Thursday, March 29, 2018

Throwback Thursday: The Babysitters Club #3: The Truth About Stacey

Nothing to Declare 


Continuing on with the recaps of my favourite childhood series, we have one from Stacey.

Stacey McGill has only been in Connecticut for a few months - before, she and her parents lived in New York in a building that overlooked Central Park. They left for a few reasons, one being Stacey's diagnosis with diabetes.

Stacey's parents are always looking for new discoveries that may help their daughter, so when they hear about a holistic doctor that specialises in experimental treatment, they think it will cure Stacey. Only - Stacey mentions him to the mother of one of the kids she babysits, who just so happens to be a doctor, and she's not impressed - he doesn't have a great track record. So, what's Stacey to do?

I'd wager that I had never even heard of diabetes before reading this. It gives a really great insight into what a 12 year old might go through - from struggling with having to watch what she eats and injecting her medication, to worrying about how it will affect her friendships. It's a really sensitive look at how a pre-teen deals with an illness, and it definitely made me more aware of what other people may be going through.

The wider issue going on here has Kristy absolutely FUMING - there's a new babysitting crew in town. They're older, they're cheaper, and they can stay out later. Kristy will stop at nothing to take them down - even if it means booking them for fake jobs to get information, or making the other girls wear sandwich boards around school advertising the club. There's also a mention of a poster with the slogan "YOUNGER IS BETTER" on it. Absolutely no comment.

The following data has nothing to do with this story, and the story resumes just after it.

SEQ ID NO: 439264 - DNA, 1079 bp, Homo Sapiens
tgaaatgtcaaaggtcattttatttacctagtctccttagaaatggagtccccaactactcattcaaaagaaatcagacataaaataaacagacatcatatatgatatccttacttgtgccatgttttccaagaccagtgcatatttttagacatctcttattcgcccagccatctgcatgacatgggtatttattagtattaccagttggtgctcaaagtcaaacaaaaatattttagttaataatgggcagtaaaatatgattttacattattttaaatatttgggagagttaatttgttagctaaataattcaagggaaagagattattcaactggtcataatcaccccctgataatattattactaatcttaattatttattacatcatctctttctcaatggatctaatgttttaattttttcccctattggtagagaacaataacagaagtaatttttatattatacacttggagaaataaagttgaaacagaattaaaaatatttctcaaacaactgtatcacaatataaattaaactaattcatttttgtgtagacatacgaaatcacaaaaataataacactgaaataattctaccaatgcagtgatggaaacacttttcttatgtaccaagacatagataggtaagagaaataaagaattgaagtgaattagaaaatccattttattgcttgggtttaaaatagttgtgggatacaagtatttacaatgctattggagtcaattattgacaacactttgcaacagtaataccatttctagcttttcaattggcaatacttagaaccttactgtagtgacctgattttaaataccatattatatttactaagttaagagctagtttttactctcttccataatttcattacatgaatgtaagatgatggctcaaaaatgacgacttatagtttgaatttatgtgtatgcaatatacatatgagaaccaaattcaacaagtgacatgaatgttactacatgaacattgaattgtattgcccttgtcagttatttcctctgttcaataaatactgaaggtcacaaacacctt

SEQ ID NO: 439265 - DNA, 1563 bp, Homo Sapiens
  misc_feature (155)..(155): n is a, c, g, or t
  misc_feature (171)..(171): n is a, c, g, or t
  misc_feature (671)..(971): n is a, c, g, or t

This book mentions something that will be instantly recognisable to anyone who pays attention to phone numbers in books or films - a telephone number beginning with KL. In this book, Kristy gives her number as "KL5-2321". The Washington Post did an article last year about these numbers, I'll link it for fellow pop culture nerds to read (I found it really interesting) - A Directory for Klondike 5 - The Most Famous Telephone Exchange in the World.

Unfortunately, there were no real outfits to speak of, but Stacey did talk about some of her favourite accessories:

"Dinosaur brooch on a beret, red sneakers covered with beads and glitter, leg warmers covered in footprints, and plastic butterflies in my hair"

My favourite quote, however, is this one, referring to a woman who had given birth a few weeks before:

"I was surprised to see that Mrs. Newton still looked, well, fat. Not pregnant, exactly, but not the way I'd thought she would look after the baby was born."

THANK YOU, Ann M. Martin, for not squeezing poor Mrs. Newton into a pair of skintight jeggings.

A roll of Life-Savers hidden in a shoebox under her bed.
Life-Savers are pretty much identical to Polo Mints. As an aside, can you still get Polo Fruits?! I loved Polo Fruits......also, I found out while searching this that there are 23 mints in a standard roll of Polos. There's one for your next table quiz, fellow middle-agers.

A bag of Gumdrops and a packet of Saltines from under the cushion of her armchair.
Do we have gumdrops in Europe?! They look like they taste of the cheap fruity pastilles that come in Easter Eggs or Gingerbread House kits. Saltines are small square plain salted crackers.

1 comment:

  1. Like you, this was one of my favourites. I always wondered what it would be like to have diabetes . . . Until my grandpa got it and I realised how tough it can make life.

    I think too Stacey's parents were completely overbearing in this book. I remember the eye rolling.


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